Smith & Vansant Architects PC

8. Powder room reading. A built-in bookshelf might be the perfect custom alternative to the usual bathroom magazine stand. Put books of your choice onto the shelves along with some accessories for a miniature and decorative bathroom library.

9. Art wall. Install a slat wall anywhere in your house and place floating shelves onto the slats to carry books and other memorabilia. Make your own shelving layout or purchase one that’s ready to assemble.

Denise DeCoster Architect

10. Bedtime story. Having books directly by the bedside is handy for bedtime readers. With built-in shelving for books and a corner desk for diary writing, this chamber is a literature lover’s fantasy.

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5 Awesome Small Maple Trees

There are many “A”s at the alphabet of beloved trees, but for the money, the A+ goes into the genus Acer, more commonly referred to as maples. You understand the form of their leaves, you understand maple syrup, and if you understand plants, you understand big maples like sugar and red maple, as well as smaller, superpopular Japanese maple. But there is a wealth of additional small trees in the pine clan. Here are only a couple — add your favorites in the Comments.

My treasured native maple is snakebark maple (Acer pensylvanicum, zones 3 to 7), which also goes by striped maple, goosefoot maple and moosewood ( here and in first photo). Some time ago I talked about hardy plants that looked tropical, and this is just another one. Its big, rounded leaves grow to 7 inches long, its bark is lined and mottled like snakeskin, and it increases to around 20 feet tall and wide. Fall color (this photo) is fantastic, and cultivar ‘Erythrocladum’ has young stems and branches which are glowing red. This maple is an understory tree, and it requires partial to full shade and cool, damp woodland soil to flourish.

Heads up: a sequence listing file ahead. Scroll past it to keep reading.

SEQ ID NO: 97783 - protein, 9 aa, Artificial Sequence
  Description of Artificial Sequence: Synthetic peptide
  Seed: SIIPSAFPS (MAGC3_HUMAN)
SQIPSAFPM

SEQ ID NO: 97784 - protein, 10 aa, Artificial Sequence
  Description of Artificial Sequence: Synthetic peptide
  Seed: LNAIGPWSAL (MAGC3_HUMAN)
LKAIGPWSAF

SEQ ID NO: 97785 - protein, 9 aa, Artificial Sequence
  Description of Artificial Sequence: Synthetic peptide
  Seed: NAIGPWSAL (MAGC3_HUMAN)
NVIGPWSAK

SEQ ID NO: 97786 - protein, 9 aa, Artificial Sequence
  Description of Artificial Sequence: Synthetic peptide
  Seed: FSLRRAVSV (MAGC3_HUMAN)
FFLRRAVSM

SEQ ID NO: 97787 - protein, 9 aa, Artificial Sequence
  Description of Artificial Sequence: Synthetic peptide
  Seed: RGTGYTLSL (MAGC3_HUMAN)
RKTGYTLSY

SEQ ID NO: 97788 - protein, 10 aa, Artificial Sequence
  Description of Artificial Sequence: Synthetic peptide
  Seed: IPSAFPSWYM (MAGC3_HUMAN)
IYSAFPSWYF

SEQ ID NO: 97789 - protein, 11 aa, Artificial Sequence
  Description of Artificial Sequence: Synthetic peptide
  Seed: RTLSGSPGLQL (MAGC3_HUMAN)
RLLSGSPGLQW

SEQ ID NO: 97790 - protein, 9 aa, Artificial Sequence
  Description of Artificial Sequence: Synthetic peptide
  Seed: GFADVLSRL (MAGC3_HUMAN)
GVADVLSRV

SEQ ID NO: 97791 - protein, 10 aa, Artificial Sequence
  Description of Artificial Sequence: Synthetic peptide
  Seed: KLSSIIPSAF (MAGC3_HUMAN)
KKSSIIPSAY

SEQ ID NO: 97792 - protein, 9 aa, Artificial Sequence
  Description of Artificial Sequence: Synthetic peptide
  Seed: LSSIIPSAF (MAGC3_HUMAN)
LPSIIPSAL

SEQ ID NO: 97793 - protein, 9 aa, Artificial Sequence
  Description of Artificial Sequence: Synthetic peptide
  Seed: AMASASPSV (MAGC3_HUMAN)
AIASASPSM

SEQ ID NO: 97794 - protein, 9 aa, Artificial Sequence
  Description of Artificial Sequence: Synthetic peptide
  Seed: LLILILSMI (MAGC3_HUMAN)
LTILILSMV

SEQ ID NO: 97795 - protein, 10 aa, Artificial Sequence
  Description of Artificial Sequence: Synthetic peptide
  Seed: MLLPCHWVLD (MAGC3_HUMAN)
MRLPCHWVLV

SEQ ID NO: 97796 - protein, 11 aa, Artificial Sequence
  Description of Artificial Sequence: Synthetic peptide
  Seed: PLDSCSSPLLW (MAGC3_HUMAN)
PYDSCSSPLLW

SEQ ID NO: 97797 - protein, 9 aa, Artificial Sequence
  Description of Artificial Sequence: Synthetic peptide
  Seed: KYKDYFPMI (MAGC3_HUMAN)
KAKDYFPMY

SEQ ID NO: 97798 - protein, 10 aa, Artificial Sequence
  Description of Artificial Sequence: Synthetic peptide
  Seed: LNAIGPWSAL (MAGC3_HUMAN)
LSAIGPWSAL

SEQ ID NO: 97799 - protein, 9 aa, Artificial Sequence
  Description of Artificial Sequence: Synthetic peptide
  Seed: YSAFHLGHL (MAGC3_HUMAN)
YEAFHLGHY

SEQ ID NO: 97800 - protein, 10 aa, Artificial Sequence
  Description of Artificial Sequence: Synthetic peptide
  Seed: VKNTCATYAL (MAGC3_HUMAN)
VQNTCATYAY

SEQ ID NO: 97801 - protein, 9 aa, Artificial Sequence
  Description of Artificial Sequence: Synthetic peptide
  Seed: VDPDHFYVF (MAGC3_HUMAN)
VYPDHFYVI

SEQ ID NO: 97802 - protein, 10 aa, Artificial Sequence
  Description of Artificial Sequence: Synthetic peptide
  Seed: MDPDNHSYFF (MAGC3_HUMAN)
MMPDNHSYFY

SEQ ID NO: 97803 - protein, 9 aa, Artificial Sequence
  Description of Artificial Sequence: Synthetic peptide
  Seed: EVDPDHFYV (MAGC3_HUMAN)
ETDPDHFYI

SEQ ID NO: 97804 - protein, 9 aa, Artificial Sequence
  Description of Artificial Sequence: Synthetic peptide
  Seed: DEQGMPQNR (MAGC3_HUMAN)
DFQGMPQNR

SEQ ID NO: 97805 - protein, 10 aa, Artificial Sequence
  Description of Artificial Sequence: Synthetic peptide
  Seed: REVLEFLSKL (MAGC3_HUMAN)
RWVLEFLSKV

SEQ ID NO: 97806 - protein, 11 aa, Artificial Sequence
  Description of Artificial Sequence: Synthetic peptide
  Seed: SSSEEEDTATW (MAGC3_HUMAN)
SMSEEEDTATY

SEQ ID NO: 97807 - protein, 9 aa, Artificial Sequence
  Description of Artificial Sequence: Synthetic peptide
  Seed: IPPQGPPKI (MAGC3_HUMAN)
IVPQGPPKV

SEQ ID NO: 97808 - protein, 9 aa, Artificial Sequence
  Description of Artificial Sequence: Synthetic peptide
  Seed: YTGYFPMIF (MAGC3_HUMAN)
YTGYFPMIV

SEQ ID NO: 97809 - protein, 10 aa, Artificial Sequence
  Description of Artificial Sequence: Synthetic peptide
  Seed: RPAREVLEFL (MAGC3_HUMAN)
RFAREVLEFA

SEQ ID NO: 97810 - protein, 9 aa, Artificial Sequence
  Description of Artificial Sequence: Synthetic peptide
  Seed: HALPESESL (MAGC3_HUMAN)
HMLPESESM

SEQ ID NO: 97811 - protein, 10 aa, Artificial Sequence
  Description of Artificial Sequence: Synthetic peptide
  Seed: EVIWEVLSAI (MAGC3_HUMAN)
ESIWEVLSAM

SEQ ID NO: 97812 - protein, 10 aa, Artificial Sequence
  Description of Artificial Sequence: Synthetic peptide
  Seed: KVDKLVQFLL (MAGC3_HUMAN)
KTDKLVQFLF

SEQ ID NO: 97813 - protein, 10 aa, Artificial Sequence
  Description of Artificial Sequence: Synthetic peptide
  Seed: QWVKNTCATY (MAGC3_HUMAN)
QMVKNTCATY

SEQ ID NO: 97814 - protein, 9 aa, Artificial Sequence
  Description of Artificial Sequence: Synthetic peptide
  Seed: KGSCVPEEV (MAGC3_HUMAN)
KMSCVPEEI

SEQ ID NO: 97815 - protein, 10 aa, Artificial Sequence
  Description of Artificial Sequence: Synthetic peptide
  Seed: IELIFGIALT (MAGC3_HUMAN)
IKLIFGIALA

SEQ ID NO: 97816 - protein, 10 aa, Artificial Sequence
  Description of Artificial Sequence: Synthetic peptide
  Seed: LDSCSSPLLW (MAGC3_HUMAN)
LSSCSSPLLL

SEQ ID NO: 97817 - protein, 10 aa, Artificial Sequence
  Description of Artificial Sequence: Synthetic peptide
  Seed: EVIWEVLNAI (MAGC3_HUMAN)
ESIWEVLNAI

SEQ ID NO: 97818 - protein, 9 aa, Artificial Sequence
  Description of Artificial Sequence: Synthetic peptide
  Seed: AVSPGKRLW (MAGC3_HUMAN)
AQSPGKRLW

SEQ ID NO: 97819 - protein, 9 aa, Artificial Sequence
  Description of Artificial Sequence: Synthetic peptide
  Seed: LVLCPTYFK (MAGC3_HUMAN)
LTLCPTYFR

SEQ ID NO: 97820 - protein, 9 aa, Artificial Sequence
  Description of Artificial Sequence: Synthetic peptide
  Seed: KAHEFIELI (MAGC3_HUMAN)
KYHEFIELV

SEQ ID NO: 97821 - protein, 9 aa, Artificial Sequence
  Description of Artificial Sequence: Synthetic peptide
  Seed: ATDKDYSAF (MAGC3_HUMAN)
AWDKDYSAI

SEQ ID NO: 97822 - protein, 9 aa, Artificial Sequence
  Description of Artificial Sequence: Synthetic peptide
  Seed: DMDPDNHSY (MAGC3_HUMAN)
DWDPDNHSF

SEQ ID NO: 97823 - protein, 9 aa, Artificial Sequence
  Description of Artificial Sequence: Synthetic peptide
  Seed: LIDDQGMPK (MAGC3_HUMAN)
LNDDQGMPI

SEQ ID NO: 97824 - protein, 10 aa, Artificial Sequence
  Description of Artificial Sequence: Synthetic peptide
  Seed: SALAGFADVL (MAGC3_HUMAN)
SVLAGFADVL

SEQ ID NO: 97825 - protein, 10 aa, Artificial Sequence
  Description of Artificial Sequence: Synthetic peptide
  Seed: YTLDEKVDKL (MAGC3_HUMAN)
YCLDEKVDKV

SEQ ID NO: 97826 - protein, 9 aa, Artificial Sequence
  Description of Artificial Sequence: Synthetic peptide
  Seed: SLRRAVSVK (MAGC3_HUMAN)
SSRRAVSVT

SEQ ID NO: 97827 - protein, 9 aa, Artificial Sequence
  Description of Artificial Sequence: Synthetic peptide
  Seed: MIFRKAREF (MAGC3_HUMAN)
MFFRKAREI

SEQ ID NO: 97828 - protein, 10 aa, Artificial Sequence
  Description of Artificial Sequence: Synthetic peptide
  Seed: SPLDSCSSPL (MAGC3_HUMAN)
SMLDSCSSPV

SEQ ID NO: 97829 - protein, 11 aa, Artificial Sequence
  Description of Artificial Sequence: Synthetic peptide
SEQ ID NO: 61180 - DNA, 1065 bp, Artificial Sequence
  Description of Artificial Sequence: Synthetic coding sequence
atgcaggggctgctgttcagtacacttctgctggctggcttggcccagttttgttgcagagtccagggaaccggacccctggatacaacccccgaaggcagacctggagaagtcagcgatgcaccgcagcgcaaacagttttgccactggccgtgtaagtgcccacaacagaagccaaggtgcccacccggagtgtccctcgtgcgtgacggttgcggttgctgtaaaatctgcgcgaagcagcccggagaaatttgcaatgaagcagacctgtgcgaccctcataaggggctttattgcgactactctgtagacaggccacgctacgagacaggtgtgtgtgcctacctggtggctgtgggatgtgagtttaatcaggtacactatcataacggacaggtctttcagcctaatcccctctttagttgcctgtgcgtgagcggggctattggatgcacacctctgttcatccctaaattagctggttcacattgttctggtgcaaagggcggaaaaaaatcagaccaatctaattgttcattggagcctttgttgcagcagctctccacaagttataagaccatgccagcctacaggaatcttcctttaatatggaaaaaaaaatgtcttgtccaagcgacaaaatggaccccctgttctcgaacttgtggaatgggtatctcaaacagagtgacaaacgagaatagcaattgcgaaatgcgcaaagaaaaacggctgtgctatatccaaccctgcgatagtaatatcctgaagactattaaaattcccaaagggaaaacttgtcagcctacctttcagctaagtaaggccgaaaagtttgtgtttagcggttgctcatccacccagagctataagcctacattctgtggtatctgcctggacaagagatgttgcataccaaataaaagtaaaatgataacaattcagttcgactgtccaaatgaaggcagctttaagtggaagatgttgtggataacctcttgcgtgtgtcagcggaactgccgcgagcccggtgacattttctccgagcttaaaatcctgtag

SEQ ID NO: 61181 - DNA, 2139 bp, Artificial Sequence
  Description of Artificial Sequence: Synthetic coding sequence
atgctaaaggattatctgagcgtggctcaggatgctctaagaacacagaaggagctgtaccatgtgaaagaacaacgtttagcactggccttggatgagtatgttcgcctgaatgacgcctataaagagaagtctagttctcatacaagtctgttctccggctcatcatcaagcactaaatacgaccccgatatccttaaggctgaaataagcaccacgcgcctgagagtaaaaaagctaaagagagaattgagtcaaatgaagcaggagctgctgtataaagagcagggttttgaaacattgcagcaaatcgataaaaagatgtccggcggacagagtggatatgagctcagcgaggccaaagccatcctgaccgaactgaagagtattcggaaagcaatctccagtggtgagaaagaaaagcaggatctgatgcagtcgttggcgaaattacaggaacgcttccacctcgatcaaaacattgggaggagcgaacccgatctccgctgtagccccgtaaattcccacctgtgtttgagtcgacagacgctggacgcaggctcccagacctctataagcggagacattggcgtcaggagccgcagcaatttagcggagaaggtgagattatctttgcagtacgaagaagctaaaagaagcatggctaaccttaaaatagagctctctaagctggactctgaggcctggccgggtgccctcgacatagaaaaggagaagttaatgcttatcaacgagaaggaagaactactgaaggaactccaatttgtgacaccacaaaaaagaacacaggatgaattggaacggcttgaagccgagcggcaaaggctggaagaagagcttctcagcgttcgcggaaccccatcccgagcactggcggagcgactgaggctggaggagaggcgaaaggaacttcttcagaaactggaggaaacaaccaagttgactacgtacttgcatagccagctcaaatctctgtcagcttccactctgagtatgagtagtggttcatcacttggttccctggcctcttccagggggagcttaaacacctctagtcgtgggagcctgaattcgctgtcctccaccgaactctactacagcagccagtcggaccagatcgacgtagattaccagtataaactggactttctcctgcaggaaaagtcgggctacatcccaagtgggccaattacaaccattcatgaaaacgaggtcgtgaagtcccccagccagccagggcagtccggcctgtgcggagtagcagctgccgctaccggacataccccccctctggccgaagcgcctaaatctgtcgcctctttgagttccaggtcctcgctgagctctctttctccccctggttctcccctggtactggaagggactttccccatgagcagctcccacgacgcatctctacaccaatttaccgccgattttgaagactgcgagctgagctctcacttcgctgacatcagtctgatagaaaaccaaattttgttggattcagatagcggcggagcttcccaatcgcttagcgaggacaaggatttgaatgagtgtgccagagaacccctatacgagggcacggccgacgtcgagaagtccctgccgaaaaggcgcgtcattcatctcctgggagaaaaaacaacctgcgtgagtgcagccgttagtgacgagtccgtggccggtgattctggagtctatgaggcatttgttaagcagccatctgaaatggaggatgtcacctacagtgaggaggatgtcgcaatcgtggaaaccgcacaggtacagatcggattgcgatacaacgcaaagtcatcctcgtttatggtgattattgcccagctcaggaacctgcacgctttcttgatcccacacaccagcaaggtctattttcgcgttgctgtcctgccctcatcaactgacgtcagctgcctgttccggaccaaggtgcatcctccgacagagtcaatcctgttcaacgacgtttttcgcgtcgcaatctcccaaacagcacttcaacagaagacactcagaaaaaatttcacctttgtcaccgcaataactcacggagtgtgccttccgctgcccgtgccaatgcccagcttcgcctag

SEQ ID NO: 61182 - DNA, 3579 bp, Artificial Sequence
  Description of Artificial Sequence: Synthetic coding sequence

I really like Japanese maples (Acer palmatum), however the Fullmoon maple (Acer shirasawanum, zones 5 to 9) ups the ante with leaves which have up to 13 lobes. This little pine grows 15 to 30 feet tall and wide, and prefers at least light shade, maybe complete shade. The cultivar ‘Aureum’ (shown) is a standout, with spectacular gold foliage. (Yet another gold foliage plant for shade!) It turns stunning shades of red and gold in autumn.

Photo by Wikimedia Commons consumer Abrahami

Maples are not known for fantastic foliage. Even better than snakebark maple, paperbark maple (Acer griseum, zones 4 to 8) is just another little tree with excellent cinnamon-color peeling bark — yet another eye-catching characteristic even in winter. Throughout the growing period, it contrasts with heavy green leaves. Paperbark maple grows to 25 ft high and wide, and so are happy in full sun to part shade.

Photo by Wikimedia Commons consumer Sten

Pacific Northwesterners will soon be familiar with their native vine maple (Acer circinatum, zones 6 to 9), which develops as well in different areas of the country in well-drained land with afternoon shade. This tiny maple grows 20 to 30 ft tall and wide (sometimes more in its home range), and I am especially interested to try some newer cultivars with purple leaves, such as Pacific Purple.

Photo by Wikimedia Commons consumer Walter Siegmund

Looking for all the world like a maple-holly hybrid, evergreen or Cretan maple (Acer sempervirens) hails from Greece, and being a Mediterranean plant, it thrives in ponds with moist winters and droughty summers, as well as poor soil. Additionally, it has incredibly glossy, evergreen to semievergreen foliage, and it is cold hardy as far north as zone 6. I guess this rare walnut’s hardiness is somewhat untested in regions with humid summers — if you live east of the Mississippi and want to attempt it, I propose planting it in a dry place with a great deal of sunlight and lean, fast-draining soil. It increases to roughly 30 feet tall.

Photo by Wikimedia Commons consumer Abrahami